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  • Scott Adams
    Scott Adams

    P.F. Chang's is Sued for Extra Charges on Gluten-Free Menu Items

    Reviewed and edited by a celiac disease expert.

    Caption: Photo: CC--Mark Crawley

    Celiac.com 02/02/2015 - On December 9th, 2014, Anna Marie Phillips filed a lawsuit in Santa Clara County Superior Court against P.F. Chang's China Bistro, Inc., headquartered in Scottsdale, Arizona, for discrimination and violation of the Americans with Disabilities Act. The suit claims that P.F. Chang's forces people with celiac disease to pay higher prices for gluten-free versions of their menu items. According to the complaint, P.F. Chang's charges one extra dollar per gluten-free item, however, they do not add these surcharges on to their regular menu items.

    Photo: CC--Mark CrawleyThe lawsuit is seeking class action status, and claims that over the past four years more than 3,000 people in 39 states have been affected at P.F. Chang's 204 restaurants. The plaintiff claims that the gluten-free diet is medically necessary for those with celiac disease, and those who eat at P.F. Chang's are forced to pay higher prices for gluten-free dishes, even if the dishes they order are naturally gluten-free. The plaintiff asserts that this arbitrary and unequal treatment constitues discrimination against consumers who have celiac disease and gluten intolerance, and that the added surcharge is a violation of the Americans with Disabilities Act.

    In the lawsuit Ms. Phillips and her attorneys, Anthony J. Orshansky and Justin Kachadoorian of Counselone, P.C. in Beverly Hills, California, seek an immediate injunction against any further surcharges on gluten-free items, civil penalties, compensatory damages and punitive damages. P.F. Chang's is represented by Jon P. Karbassakis and Michael K. Grimaldi of Lewis Brisbois Bisgaard & Smith LLP, in Los Angeles, California.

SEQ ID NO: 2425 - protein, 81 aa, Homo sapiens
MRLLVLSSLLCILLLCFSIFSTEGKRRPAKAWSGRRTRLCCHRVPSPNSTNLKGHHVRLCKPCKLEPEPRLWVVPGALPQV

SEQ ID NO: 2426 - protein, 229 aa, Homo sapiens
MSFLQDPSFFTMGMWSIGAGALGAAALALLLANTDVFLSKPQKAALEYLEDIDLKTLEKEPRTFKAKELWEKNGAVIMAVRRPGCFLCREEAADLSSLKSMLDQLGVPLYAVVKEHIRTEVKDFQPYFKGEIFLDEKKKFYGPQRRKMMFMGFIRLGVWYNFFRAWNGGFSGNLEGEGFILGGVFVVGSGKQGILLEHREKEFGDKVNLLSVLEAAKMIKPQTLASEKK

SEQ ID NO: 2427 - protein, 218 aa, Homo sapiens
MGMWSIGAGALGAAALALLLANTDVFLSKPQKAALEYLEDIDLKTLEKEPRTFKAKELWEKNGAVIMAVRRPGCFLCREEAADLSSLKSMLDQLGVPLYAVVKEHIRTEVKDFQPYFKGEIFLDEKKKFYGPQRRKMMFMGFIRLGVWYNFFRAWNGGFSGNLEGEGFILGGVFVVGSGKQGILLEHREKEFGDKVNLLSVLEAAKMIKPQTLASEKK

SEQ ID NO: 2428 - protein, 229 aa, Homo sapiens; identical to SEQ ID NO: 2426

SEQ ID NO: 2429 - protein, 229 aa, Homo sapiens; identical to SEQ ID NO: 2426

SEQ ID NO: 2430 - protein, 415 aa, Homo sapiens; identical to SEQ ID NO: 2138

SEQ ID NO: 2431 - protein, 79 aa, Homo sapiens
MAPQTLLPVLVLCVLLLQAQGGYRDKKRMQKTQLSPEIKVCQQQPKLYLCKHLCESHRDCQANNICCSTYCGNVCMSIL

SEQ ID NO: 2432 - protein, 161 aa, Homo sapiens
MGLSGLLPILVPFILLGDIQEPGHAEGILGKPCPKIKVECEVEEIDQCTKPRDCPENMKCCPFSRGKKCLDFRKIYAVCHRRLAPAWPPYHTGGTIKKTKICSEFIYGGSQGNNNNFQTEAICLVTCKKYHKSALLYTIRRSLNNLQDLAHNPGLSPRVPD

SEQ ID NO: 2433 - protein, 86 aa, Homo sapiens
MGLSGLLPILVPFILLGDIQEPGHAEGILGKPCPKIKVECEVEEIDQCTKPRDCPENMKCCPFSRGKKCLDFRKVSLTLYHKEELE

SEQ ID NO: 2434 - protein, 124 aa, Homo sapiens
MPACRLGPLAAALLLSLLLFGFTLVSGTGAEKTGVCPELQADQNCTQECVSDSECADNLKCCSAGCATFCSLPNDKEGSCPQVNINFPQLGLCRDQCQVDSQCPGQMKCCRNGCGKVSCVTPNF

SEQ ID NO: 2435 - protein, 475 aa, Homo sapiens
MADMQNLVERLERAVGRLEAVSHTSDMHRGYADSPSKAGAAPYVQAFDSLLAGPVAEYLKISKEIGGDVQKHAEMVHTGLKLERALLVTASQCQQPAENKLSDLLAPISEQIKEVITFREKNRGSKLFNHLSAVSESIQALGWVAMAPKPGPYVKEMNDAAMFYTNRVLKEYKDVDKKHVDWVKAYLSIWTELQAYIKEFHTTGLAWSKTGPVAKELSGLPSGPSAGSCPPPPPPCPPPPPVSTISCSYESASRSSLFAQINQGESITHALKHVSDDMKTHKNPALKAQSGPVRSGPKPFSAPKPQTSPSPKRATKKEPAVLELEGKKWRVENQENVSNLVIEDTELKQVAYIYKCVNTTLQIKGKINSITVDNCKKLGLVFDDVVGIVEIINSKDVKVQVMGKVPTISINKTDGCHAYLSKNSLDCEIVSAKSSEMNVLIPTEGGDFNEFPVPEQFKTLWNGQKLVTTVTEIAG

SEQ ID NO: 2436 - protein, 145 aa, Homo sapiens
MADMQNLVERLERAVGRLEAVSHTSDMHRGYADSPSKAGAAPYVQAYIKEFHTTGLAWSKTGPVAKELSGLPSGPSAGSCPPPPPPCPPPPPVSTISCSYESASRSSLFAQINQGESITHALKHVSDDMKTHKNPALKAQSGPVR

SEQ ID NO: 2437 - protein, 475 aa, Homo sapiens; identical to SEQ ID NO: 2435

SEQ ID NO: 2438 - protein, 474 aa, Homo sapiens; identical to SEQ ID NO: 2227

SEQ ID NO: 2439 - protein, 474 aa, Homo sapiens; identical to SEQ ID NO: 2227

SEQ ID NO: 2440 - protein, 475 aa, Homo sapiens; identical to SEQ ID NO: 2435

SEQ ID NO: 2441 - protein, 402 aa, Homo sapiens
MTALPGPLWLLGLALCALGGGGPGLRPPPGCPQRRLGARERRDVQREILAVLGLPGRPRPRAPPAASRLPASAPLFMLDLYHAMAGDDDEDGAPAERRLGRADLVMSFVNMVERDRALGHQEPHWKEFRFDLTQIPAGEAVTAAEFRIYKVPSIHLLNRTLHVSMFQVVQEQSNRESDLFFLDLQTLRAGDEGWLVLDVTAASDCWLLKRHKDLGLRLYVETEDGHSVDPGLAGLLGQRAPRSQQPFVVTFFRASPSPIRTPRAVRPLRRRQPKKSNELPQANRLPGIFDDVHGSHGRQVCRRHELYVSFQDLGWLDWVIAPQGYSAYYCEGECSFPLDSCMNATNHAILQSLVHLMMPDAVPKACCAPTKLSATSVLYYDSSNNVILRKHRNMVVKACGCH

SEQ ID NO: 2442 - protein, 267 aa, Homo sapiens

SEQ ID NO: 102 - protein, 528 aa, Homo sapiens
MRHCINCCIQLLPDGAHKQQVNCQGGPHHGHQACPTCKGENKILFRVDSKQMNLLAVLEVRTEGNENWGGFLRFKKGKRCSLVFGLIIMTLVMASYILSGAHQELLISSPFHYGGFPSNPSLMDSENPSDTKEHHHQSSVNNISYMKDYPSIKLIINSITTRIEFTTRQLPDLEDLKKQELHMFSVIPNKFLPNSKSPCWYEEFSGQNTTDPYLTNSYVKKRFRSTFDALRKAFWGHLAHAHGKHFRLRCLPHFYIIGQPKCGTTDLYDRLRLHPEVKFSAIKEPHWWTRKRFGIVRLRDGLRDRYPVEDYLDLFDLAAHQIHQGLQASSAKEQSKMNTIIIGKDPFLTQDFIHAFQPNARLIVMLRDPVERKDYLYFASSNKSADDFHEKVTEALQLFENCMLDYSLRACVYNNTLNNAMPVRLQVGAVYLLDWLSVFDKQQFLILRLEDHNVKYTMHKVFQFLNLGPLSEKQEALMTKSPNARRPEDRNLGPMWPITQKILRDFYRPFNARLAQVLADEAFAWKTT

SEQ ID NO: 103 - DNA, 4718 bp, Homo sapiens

On January 23, 2015, P.F. Chang's removed the case to U.S. District Court for the Northern District of California (case number 5:15-cv-00344).

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    I am grateful to have restaurants who offer gluten free foods and take care to avoid cross-contamination. I acknowledge that it takes extra effort on their part to do so. By not compensating them for taking these cares and precautions, we risk losing these options. While I would rather not pay higher prices, I will do so gladly to be able to have a few restaurants who care about those of us who must eat gluten free. It is MY problem, and I would certainly understand a restaurant whose management does not want to jump through the hoops necessary to ensure my food safety. Penalizing them will ensure that they will discontinue their consideration. Quit the pity party. What a selfish, self-centered person this must be.

    I am not happy about paying more, but I agree with Celia. I'm just happy that restaurants like P.F. Chang's are willing to make every effort to accommodate those with celiac disease. I hope this law suit will not discourage the industry from providing gluten free alternatives, whether in restaurants or super markets.

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    I think that this suit should be dismissed with prejudice.

     

    A restaurant is in business to make money, NOT provide a public service.

     

    It costs more to make an allergen free menu item, as well as guarantee that said item is not contaminated by those allergens in the kitchen.

     

    I am sure that if you looked you would find many articles touting PF Chang as a leader and innovator in the offering of gluten free menu items, and having them many years before any other restaurant chain.

     

    To sue them and claim they are violating the ADA because they have the nerve to want to make a profit on those offerings will serve only to tell restaurant operators that it is NOT WORTH IT to try and sell gluten free products because you may be sued over someone's opinion that you charge too much and are thus discriminating against disabled Americans.